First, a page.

The Ancient Maya – Sharer & Traxler – 6th Edition – Stanford University Press – 2006
This article about the book The Ancient Maya by Robert J. Sharer and Loa P. Traxler, is the first one of a series of articles about Maya books that I plan to publish during the next months.
Obviously, with 931 pages and a shipping weight of 3.5 pound, this is not the book you easily put in your backpack when travelling to visit the abandoned Maya cities in the jungles of México, Guatemala, Belize or Honduras. And it is not the book you can read easily during a spring break trip to the beaches of Cancun.
In fact, The Ancient Maya is the book you need, if you want to dive deep, very deep into the ocean of the indigenous, precolumbian history of the Maya. Not only students of the Maya culture might benefit from this extensive work. Any kind of scholar looking for detailed information about the subject usually covered by “Mayanists” will find a comprehensive reference for this subject within this book.
The Ancient Maya – Sharer & Traxler – 6th edition – 2006
The origin of this book is far in the past. The celebrated archaeologist Sylvanus Grisworld Morley published the first edition in 1946, few years before his death. Since then, five additional editions have been published. The 6th edition released in 2006 is the newest and most actual one.
Between an introduction and the final epilogue, the book is divided in 13 chapters that shed light on different topics. Unusual is that the tables of figures, images, text boxes and color plates have been organized as additional tables of content at the beginning of the book.
In this introductory chapter, the theme of Maya culture is put in a broad historical context and a rough overview of the dangers that this cultural heritage is facing is given.
Chapter 1 – The Setting of Maya civilization
This chapter describes the Maya area. The different people and their languages and the natural environment. Geology, geography and climate which divide the area of a size of Montana or Germany in several sub regions with their own ecology and in consequence, a diversification in production and trade possibilities.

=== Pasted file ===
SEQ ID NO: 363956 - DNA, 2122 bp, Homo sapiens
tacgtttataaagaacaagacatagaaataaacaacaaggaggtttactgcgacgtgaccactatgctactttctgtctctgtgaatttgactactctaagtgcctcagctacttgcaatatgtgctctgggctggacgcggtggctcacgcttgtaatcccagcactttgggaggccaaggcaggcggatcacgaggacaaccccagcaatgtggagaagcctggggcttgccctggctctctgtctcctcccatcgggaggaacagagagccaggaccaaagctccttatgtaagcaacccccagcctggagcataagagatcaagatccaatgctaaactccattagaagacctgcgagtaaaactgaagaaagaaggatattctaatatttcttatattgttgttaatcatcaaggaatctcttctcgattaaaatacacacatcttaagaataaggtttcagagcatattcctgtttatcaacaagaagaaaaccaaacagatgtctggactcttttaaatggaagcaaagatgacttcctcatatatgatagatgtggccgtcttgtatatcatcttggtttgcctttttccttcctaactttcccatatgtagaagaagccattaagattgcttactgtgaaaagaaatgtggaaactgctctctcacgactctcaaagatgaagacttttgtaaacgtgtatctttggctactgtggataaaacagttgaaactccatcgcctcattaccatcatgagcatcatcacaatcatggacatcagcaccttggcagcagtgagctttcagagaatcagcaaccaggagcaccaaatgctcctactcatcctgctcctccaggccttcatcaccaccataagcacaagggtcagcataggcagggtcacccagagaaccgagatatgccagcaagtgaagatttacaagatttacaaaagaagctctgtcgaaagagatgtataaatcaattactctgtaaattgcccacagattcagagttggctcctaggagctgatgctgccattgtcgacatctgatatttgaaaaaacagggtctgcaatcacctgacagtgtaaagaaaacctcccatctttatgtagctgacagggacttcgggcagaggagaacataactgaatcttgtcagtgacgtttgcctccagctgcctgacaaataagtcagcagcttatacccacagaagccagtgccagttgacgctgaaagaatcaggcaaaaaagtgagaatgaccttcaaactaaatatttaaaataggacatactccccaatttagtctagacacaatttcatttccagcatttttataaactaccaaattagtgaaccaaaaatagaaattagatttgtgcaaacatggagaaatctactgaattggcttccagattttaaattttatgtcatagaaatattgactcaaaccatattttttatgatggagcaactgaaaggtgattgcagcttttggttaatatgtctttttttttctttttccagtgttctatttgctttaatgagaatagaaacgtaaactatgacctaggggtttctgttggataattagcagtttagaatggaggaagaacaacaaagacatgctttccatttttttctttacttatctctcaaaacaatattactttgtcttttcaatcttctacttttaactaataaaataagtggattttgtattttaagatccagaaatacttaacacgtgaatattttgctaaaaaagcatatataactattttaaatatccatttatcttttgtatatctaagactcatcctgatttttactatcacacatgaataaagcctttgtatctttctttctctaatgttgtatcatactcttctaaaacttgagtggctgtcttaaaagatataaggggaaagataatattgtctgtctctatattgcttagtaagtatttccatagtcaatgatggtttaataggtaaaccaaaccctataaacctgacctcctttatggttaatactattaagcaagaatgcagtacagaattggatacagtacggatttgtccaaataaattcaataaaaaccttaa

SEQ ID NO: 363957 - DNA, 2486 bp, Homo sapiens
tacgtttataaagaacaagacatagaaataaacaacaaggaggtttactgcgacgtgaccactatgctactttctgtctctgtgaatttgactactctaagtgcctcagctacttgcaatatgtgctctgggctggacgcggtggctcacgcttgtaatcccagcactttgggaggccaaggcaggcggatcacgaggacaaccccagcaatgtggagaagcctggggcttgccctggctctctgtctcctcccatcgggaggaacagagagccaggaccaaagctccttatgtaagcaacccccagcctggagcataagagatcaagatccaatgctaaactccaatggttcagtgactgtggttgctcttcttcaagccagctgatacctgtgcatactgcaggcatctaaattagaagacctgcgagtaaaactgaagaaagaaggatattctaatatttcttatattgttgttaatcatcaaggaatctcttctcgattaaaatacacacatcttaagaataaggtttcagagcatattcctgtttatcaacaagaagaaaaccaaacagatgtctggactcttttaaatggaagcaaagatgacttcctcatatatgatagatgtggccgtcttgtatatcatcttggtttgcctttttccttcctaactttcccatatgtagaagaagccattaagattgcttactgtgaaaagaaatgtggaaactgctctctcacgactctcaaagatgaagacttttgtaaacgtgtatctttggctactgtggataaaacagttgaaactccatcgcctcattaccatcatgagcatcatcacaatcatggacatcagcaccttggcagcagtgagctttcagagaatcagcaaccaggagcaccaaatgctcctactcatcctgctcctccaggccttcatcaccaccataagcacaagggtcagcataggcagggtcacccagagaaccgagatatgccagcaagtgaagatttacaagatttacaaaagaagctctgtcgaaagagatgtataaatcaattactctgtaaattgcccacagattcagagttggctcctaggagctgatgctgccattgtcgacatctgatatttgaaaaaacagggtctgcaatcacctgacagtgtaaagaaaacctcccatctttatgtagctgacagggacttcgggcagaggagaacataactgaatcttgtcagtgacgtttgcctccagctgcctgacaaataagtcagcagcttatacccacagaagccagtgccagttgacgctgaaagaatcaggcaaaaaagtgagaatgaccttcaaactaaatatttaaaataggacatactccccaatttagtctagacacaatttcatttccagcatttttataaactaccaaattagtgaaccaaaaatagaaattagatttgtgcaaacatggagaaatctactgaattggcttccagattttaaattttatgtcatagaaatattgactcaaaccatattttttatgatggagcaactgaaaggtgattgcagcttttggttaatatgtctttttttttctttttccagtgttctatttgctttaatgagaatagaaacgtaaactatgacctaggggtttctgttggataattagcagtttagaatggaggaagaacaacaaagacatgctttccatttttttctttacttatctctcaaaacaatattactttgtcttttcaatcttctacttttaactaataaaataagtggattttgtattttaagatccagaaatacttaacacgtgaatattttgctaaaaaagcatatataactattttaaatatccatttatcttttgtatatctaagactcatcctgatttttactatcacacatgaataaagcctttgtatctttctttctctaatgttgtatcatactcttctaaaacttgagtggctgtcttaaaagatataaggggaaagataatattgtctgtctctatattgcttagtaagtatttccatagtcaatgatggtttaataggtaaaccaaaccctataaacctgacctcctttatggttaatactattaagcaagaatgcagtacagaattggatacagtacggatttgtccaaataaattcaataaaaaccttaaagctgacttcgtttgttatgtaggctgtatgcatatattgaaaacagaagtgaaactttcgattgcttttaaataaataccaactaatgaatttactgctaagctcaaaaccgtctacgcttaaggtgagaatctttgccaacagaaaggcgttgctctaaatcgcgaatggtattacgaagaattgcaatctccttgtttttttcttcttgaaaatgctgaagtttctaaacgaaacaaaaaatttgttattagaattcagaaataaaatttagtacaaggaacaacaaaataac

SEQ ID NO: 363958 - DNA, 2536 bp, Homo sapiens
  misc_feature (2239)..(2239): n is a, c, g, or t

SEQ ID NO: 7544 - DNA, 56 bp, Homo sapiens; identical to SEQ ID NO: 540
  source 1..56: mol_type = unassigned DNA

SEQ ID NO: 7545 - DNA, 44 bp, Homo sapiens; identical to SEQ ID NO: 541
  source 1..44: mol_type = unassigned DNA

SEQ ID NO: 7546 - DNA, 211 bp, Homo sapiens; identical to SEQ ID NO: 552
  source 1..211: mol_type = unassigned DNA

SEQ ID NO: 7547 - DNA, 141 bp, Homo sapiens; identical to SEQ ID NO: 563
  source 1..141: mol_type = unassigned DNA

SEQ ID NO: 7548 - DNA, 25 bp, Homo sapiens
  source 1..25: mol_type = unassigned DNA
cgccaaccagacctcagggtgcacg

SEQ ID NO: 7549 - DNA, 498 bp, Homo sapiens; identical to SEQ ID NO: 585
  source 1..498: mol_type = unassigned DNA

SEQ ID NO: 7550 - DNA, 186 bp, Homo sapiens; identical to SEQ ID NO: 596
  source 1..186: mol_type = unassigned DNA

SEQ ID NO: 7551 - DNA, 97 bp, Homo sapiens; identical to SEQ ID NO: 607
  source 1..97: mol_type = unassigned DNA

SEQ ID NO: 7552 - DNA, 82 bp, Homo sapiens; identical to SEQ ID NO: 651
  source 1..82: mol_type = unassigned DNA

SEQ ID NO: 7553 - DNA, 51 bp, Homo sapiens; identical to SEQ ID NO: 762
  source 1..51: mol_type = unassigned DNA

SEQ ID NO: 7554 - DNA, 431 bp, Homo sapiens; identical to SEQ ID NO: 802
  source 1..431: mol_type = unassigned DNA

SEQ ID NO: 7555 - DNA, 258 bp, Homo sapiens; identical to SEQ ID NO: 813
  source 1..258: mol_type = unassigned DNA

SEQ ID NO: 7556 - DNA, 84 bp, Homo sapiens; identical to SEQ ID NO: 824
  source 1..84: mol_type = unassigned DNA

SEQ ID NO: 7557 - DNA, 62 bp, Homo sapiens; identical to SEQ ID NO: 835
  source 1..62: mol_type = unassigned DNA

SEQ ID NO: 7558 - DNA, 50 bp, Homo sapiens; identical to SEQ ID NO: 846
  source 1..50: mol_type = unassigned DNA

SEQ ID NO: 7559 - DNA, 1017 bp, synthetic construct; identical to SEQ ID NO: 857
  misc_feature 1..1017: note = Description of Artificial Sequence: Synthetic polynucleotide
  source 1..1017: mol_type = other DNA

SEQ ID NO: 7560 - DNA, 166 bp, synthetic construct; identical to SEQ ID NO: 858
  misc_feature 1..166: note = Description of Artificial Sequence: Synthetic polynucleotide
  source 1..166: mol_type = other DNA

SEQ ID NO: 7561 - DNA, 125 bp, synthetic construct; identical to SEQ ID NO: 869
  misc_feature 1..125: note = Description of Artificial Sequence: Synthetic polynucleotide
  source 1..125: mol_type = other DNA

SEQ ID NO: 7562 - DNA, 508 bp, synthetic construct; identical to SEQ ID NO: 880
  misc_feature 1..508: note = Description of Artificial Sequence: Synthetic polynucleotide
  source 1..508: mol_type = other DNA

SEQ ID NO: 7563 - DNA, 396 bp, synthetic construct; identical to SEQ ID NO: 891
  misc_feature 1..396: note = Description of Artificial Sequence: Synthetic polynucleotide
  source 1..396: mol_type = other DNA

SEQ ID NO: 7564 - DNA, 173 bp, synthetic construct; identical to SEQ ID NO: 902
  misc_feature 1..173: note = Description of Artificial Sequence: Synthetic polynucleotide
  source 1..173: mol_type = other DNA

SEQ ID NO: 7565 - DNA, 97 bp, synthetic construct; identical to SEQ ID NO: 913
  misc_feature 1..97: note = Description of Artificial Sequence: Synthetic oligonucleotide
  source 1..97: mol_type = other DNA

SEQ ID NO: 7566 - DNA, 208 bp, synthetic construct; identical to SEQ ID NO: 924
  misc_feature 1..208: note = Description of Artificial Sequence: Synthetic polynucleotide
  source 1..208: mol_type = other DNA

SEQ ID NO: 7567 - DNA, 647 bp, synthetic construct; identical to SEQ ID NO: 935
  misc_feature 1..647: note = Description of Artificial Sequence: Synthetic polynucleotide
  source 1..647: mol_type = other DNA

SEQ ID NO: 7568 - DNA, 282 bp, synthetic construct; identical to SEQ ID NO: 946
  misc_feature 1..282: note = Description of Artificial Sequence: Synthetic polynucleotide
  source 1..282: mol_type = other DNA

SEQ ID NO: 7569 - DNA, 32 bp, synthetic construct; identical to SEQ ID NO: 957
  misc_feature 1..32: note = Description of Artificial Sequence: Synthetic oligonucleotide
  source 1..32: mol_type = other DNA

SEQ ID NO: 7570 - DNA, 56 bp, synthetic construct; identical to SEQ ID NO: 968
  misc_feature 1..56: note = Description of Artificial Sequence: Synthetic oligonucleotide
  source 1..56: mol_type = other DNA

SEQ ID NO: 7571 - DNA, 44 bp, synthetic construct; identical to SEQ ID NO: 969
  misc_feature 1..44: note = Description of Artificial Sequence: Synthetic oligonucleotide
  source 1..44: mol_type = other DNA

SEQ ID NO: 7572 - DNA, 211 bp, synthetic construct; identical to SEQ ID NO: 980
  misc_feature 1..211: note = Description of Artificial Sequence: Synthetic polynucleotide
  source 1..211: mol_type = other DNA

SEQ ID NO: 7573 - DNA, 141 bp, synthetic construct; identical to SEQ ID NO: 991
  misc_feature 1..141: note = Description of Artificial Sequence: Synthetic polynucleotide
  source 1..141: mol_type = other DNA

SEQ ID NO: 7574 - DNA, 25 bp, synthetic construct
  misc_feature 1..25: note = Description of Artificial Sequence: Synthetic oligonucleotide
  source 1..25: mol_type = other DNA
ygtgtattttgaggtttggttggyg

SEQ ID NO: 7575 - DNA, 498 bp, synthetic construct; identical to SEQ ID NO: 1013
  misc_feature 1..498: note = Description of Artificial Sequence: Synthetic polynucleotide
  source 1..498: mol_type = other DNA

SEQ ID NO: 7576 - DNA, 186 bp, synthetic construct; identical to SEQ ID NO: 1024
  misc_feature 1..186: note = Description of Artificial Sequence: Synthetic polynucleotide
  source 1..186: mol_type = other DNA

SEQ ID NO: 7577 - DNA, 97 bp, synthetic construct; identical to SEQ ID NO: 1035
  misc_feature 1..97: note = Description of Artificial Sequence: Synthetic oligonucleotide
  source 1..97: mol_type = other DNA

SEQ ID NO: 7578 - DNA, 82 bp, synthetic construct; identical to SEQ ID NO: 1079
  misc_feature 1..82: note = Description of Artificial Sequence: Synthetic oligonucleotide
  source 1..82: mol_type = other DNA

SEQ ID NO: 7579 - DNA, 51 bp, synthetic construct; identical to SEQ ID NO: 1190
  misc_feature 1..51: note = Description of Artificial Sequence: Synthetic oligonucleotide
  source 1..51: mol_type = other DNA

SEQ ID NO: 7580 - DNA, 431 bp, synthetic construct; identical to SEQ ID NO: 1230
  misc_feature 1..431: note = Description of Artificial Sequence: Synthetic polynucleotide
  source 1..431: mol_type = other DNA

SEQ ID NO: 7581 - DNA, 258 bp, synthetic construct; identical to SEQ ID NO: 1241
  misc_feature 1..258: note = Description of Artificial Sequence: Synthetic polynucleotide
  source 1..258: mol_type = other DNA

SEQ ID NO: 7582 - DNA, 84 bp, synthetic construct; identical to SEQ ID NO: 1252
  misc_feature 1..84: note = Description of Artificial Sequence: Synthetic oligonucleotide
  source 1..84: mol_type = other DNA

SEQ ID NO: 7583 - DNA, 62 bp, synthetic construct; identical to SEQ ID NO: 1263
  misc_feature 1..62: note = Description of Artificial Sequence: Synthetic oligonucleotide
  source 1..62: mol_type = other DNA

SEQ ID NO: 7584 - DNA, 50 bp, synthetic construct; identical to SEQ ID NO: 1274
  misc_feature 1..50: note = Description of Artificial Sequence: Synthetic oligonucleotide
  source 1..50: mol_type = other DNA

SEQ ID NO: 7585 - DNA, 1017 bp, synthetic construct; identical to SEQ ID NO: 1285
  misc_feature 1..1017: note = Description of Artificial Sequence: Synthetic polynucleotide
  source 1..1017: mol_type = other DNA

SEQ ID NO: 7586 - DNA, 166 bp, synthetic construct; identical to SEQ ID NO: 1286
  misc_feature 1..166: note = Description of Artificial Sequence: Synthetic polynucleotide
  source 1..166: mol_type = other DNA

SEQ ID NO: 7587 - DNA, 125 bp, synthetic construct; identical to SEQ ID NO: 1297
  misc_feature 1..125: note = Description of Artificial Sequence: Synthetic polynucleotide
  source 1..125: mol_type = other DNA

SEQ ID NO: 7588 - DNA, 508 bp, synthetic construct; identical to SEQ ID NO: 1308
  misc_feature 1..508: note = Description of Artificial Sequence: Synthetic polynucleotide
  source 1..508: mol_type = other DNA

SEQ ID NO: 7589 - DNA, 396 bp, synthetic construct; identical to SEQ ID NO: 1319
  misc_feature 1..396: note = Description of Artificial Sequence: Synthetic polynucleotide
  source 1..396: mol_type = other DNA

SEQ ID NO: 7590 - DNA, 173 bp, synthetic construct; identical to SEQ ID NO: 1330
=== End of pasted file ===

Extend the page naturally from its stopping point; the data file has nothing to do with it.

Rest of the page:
Chapter 2 – Archaeology and Maya Civilization
For more then 100 years, archaeological methods have been the only tools to examine the ancient Maya culture after its rediscovery in the 19th century. Deciphering and understanding the meaning of the many inscriptions in stone, the written records found on ceramics and the few remaining paper documents did not contribute to this body of knowledge for a long time. Therefore the largest part of knowledge about the Maya, is based on the field work of numerous archaeologists. This chapter describes their activities and the results, e.g. a rough chronology of larger periods of the Maya history, that can be derived from this work in general.
Chapter 3 – History and Maya Civilization
End of the 20th century, advances in decipherment of the hieroglyphs allowed a more precise reconstruction. The calendar was understood, and the key to understand the signs and language of the inscriptions was found. From now on, the names of rulers and places allowed are more precise analysis of the historical events and in some cases long lists of ruling dynasties were reconstructed. In addition it was possible to deduce political events, war or alliances between different cities. This chapter describes which steps were necessary to get at this place.
The following seven chapters describe the Maya history as a reconstruction of archaeological evidence for the Preclassic and additional written documents for the Classic and Postclassic. With nearly 500 pages, these seven chapters form the main part of the book, covering 2500 years of Maya history.